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How is human papillomavirus (HPV) spread?

Dr. Diane Harper
Health Education Specialist

Human papillomavirus (HPV) is a human skin to human skin contact infection. Not fluids, not blood, not saliva, not sperm. HPV that causes hand and feet warts are very different types than the types that cause genital warts or cancer, so a hand wart will not give you genital warts.

HPV types that cause cancer live in moist, generally dark places, such as in the soft tissue under your fingernails, as well as the genitals, anus and mouth. For men who are not circumcised, under the foreskin is the most likely place of infection and cancer. But the penile shaft and the scrotum can be HPV-infected as well. For women, the vulva, or outside genital skin, including the labia (lips), can be infected with HPV types that cause cancer.

Human papillomavirus (HPV) infection can be spread by touch. For example, HPV can be spread through skin to skin contact, such as direct contact with skin warts. HPV can also be spread through sexual intercourse, which can lead to cervical, penile and vaginal cancers.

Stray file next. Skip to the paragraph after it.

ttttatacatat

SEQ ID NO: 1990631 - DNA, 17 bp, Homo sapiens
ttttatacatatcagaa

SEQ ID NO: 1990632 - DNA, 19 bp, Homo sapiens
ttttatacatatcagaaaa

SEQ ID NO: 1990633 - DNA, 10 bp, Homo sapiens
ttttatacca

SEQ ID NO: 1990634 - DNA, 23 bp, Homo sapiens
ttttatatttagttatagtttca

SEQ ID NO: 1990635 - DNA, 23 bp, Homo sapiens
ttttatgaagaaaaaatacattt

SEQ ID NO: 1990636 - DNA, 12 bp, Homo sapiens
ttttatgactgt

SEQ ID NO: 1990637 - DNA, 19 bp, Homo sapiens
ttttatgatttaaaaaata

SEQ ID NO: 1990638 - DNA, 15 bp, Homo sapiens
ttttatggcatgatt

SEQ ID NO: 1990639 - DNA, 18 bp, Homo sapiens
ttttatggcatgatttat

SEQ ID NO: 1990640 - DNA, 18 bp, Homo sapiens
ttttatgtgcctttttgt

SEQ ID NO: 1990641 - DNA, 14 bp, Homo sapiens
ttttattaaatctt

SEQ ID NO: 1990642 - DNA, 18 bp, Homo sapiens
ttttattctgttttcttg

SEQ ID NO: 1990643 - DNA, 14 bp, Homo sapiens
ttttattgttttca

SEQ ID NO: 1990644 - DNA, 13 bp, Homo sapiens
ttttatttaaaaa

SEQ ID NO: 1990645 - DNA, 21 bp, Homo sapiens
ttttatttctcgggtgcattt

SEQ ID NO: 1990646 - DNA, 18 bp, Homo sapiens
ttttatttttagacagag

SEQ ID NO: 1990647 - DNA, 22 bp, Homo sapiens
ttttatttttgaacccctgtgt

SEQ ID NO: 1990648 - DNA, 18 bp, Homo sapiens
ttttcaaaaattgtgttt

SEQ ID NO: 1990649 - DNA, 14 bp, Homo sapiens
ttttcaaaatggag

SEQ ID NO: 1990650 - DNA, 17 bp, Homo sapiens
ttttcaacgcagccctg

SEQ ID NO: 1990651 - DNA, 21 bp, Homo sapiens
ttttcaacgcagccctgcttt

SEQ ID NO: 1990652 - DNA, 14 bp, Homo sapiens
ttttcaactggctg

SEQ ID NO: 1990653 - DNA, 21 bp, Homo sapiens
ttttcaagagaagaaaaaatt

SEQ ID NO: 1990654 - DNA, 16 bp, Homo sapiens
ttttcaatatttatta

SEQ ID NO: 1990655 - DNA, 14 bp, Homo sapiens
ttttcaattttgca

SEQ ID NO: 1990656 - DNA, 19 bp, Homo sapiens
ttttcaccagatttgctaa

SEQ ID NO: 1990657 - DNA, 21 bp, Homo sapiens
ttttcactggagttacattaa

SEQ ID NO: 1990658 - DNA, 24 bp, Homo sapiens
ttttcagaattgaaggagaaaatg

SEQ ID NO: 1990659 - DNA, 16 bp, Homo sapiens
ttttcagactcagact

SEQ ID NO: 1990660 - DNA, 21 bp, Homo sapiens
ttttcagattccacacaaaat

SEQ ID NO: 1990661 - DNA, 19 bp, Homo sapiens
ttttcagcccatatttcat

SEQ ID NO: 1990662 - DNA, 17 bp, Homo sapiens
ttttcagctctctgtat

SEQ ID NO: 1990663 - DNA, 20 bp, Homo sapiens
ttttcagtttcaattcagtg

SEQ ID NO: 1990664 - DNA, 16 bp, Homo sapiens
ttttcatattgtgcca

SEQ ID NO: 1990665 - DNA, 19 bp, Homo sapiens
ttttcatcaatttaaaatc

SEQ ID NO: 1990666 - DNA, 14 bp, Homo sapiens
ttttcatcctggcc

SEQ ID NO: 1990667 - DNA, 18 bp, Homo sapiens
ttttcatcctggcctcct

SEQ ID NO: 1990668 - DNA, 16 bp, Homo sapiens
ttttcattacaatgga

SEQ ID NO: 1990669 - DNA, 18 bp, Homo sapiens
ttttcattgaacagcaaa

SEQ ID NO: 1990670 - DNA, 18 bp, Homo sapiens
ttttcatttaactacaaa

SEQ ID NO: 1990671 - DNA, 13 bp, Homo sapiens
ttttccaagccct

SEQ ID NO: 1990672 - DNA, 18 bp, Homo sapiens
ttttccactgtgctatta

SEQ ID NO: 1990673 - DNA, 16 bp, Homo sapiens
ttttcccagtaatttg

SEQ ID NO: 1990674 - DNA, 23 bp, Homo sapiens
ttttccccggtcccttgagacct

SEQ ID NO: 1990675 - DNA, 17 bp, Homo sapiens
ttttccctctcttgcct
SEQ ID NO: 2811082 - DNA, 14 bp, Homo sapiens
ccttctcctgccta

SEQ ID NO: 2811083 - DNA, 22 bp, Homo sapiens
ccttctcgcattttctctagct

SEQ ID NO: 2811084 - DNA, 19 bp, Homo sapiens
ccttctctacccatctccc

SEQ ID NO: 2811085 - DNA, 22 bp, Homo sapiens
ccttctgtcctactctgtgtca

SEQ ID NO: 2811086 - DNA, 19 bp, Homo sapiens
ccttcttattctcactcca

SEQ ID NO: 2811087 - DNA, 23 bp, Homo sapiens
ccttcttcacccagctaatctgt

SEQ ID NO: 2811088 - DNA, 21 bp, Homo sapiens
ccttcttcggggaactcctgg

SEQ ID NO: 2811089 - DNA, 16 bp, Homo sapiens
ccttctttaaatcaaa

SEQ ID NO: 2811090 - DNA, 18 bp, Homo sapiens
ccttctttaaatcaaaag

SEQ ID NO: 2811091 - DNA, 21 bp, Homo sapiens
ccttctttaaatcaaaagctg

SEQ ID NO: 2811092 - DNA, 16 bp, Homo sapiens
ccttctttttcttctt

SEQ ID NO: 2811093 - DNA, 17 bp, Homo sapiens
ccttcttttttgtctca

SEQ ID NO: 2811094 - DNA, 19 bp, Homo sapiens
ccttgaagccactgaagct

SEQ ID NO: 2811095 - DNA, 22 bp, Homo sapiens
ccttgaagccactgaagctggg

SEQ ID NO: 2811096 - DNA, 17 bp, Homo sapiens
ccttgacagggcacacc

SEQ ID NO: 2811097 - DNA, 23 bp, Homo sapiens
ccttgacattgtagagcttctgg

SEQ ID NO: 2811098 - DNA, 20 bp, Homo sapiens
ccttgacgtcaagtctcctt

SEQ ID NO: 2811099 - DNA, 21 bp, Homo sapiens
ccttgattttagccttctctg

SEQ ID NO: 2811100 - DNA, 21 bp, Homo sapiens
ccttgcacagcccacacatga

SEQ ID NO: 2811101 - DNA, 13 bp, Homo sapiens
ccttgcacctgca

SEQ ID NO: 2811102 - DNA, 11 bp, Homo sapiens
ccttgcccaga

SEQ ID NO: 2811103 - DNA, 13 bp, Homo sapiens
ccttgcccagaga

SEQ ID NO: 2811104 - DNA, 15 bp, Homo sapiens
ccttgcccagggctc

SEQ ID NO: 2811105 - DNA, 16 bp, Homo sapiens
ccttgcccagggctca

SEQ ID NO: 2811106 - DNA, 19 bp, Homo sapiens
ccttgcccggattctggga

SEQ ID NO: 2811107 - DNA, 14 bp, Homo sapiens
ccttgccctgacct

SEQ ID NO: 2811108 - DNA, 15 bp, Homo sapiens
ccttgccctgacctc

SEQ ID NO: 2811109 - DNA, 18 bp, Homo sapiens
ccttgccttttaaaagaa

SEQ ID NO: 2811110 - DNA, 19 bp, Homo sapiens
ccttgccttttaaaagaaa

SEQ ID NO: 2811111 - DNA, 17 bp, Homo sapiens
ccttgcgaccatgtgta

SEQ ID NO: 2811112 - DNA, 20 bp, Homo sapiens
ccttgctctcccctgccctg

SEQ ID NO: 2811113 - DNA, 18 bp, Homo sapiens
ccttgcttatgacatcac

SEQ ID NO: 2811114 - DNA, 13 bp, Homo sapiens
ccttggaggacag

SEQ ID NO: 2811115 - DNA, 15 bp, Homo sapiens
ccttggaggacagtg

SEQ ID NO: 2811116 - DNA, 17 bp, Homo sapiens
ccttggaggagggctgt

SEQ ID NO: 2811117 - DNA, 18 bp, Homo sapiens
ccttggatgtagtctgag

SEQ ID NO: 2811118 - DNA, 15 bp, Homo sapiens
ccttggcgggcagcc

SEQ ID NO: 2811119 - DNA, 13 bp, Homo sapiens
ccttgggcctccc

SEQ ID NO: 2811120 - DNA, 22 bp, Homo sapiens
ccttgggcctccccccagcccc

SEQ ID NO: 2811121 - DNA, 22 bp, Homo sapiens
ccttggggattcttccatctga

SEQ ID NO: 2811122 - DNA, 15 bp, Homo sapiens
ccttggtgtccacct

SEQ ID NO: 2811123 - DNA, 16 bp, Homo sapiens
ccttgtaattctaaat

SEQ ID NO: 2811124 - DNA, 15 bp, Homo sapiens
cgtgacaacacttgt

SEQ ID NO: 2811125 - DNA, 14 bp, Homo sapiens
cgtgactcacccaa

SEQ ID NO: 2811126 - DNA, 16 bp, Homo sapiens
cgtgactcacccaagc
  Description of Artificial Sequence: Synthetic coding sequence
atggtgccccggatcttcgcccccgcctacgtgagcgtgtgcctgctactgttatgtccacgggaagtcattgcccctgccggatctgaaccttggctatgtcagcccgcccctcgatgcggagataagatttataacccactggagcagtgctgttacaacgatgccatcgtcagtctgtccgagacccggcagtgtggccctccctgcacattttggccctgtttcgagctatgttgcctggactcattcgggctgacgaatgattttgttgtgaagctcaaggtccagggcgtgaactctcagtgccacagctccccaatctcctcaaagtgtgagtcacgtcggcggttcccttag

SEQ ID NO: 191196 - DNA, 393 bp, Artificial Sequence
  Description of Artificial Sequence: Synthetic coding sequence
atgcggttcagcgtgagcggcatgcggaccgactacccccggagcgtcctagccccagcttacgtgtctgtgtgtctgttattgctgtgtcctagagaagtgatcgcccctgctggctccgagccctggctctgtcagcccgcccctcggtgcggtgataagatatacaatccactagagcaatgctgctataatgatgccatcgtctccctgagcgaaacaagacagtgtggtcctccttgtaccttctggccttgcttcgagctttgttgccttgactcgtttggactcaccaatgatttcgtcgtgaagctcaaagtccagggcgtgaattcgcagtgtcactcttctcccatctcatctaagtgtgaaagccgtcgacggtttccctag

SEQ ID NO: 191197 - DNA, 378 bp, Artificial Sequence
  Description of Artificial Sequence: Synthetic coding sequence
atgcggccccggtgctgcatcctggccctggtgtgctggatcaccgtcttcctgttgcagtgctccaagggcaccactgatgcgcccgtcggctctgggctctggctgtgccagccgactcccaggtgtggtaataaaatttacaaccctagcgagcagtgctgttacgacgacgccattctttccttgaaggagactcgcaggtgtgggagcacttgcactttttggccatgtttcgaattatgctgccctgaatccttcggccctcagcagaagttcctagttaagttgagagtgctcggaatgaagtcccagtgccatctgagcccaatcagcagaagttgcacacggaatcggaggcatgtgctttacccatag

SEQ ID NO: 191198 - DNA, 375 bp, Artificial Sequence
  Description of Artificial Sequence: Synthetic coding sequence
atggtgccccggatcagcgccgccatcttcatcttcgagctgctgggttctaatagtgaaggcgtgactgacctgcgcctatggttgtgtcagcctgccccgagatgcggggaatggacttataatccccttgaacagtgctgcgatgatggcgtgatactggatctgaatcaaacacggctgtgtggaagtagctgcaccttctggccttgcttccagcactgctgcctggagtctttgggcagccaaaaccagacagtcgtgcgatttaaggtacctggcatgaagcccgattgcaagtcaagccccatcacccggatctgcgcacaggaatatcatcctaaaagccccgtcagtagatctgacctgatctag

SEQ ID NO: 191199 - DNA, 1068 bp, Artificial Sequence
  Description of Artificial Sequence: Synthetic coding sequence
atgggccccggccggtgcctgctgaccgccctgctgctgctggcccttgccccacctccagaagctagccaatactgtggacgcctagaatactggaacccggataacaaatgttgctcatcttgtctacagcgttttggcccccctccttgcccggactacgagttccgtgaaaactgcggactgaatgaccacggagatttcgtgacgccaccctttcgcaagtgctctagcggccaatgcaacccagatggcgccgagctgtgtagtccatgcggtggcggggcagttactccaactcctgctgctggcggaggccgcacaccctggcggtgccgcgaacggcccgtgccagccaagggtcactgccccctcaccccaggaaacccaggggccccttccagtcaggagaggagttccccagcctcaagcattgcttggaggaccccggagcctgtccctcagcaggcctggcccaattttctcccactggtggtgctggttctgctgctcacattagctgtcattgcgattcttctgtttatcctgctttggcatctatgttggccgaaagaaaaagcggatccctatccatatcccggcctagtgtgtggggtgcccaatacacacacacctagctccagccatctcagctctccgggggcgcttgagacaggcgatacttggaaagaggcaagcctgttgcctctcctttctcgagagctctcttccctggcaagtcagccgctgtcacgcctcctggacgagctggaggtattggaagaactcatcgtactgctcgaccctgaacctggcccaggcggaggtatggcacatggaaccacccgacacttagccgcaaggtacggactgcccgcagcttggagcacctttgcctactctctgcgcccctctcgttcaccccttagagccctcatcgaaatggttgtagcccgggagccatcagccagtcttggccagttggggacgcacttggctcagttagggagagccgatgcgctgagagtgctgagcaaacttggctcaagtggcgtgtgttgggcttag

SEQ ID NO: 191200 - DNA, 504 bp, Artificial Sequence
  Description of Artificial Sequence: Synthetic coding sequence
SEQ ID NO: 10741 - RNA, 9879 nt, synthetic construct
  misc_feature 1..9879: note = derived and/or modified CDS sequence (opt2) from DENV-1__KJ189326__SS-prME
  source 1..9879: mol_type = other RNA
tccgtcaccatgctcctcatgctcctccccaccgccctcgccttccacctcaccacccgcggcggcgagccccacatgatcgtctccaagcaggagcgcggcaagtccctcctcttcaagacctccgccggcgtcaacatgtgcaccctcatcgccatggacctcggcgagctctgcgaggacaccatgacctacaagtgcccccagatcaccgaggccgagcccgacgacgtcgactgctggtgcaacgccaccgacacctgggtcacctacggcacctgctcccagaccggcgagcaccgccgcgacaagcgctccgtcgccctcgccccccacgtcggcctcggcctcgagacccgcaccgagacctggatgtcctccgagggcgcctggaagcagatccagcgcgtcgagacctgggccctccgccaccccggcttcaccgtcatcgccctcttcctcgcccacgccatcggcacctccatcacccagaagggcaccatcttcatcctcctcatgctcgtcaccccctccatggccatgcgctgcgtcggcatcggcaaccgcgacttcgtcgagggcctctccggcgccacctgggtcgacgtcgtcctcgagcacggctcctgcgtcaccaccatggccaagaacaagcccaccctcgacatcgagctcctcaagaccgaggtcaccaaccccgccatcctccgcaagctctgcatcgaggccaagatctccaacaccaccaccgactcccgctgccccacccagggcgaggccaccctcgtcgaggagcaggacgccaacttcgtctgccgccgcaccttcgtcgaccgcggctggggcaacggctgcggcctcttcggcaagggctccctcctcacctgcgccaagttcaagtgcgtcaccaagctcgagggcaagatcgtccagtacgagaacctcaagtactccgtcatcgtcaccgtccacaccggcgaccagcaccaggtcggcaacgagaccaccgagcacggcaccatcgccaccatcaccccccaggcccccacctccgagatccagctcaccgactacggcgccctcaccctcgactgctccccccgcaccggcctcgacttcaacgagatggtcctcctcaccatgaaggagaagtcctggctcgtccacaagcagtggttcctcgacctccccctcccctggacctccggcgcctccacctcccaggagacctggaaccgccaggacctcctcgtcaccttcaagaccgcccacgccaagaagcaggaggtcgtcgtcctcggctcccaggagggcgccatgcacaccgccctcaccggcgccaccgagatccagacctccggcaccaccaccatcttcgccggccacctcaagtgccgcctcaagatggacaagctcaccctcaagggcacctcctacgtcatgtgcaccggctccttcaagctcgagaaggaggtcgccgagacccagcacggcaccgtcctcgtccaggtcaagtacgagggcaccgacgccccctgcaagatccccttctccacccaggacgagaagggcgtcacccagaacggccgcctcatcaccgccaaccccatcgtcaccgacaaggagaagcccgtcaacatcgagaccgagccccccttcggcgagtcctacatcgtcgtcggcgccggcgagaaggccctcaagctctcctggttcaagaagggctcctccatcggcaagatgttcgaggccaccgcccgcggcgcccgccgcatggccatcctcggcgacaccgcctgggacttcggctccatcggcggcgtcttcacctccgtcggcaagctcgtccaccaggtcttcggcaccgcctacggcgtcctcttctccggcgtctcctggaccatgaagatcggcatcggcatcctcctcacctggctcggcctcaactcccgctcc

Human papillomavirus (HPV) is spread by skin-to-skin contact with an HPV-infected area. Infections can be subclinical, meaning the virus lives in the skin without causing symptoms. This is why many people with HPV do not know they have it or that they could spread it. For a person exposed to a partner who has a low-risk genital wart-causing strain of HPV such as HPV 6 or 11, it usually takes about six weeks to three months for genital warts to appear. However, infections with high-risk strains of HPV cause no symptoms and can only be detected on Pap or HPV tests.

Researchers already know that condoms don't always protect against the virus because the virus can grow on areas of the genitals not covered by a latex barrier.

Researchers don't know whether people infected with genital HPV but who don't have symptoms are as contagious as people with symptoms. They also don't know how much HPV is transmitted through sexual contact versus skin-to-skin contact.

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Important: This content reflects information from various individuals and organizations and may offer alternative or opposing points of view. It should not be used for medical advice, diagnosis or treatment. As always, you should consult with your healthcare provider about your specific health needs.